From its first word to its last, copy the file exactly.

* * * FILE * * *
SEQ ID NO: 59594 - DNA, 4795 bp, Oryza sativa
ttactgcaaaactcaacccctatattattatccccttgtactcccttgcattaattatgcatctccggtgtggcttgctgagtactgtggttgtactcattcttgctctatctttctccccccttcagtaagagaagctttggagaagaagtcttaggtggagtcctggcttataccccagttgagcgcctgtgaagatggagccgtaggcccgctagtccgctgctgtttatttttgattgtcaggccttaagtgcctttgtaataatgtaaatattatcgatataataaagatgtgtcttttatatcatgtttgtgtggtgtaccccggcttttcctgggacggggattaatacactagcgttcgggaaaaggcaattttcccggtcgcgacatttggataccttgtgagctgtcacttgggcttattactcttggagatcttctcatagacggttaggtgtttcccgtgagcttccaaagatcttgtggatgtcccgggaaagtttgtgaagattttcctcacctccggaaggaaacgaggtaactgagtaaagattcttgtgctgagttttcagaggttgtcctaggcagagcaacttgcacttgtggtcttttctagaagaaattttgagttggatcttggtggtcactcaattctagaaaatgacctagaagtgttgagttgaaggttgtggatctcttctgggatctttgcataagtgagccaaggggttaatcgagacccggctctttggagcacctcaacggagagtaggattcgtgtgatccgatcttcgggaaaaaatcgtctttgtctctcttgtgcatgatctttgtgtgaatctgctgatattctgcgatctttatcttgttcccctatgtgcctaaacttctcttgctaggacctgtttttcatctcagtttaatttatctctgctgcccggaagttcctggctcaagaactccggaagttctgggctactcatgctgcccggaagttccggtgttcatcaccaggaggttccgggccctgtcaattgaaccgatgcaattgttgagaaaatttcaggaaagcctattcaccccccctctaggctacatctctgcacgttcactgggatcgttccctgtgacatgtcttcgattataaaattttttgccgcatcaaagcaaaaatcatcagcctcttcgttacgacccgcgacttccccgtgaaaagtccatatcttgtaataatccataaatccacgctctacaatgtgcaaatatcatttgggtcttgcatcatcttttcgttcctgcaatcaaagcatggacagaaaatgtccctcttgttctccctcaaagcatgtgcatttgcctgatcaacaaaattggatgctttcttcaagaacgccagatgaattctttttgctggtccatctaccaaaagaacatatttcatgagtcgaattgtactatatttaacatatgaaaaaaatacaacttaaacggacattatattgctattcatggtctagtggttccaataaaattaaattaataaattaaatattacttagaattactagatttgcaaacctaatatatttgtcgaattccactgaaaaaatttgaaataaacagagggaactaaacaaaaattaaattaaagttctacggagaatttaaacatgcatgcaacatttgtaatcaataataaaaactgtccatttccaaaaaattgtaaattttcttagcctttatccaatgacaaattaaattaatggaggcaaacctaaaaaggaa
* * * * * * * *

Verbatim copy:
SEQ ID NO: 59594 - DNA, 4795 bp, Oryza sativa
ttactgcaaaactcaacccctatattattatccccttgtactcccttgcattaattatgcatctccggtgtggcttgctgagtactgtggttgtactcattcttgctctatctttctccccccttcagtaagagaagctttggagaagaagtcttaggtggagtcctggcttataccccagttgagcgcctgtgaagatggagccgtaggcccgctagtccgctgctgtttatttttgattgtcaggccttaagtgcctttgtaataatgtaaatattatcgatataataaagatgtgtcttttatatcatgtttgtgtggtgtaccccggcttttcctgggacggggattaatacactagcgttcgggaaaaggcaattttcccggtcgcgacatttggataccttgtgagctgtcacttgggcttattactcttggagatcttctcatagacggttaggtgtttcccgtgagcttccaaagatcttgtggatgtcccgggaaagtttgtgaagattttcctcacctccggaaggaaacgaggtaactgagtaaagattcttgtgctgagttttcagaggttgtcctaggcagagcaacttgcacttgtggtcttttctagaagaaattttgagttggatcttggtggtcactcaattctagaaaatgacctagaagtgttgagttgaaggttgtggatctcttctgggatctttgcataagtgagccaaggggttaatcgagacccggctctttggagcacctcaacggagagtaggattcgtgtgatccgatcttcgggaaaaaatcgtctttgtctctcttgtgcatgatctttgtgtgaatctgctgatattctgcgatctttatcttgttcccctatgtgcctaaacttctcttgctaggacctgtttttcatctcagtttaatttatctctgctgcccggaagttcctggctcaagaactccggaagttctgggctactcatgctgcccggaagttccggtgttcatcaccaggaggttccgggccctgtcaattgaaccgatgcaattgttgagaaaatttcaggaaagcctattcaccccccctctaggctacatctctgcacgttcactgggatcgttccctgtgacatgtcttcgattataaaattttttgccgcatcaaagcaaaaatcatcagcctcttcgttacgacccgcgacttccccgtgaaaagtccatatcttgtaataatccataaatccacgctctacaatgtgcaaatatcatttgggtcttgcatcatcttttcgttcctgcaatcaaagcatggacagaaaatgtccctcttgttctccctcaaagcatgtgcatttgcctgatcaacaaaattggatgctttcttcaagaacgccagatgaattctttttgctggtccatctaccaaaagaacatatttcatgagtcgaattgtactatatttaacatatgaaaaaaatacaacttaaacggacattatattgctattcatggtctagtggttccaataaaattaaattaataaattaaatattacttagaattactagatttgcaaacctaatatatttgtcgaattccactgaaaaaatttgaaataaacagagggaactaaacaaaaattaaattaaagttctacggagaatttaaacatgcatgcaacatttgtaatcaataataaaaactgtccatttccaaaaaattgtaaattttcttagcctttatccaatgacaaattaaattaatggaggcaaacctaaaaaggaa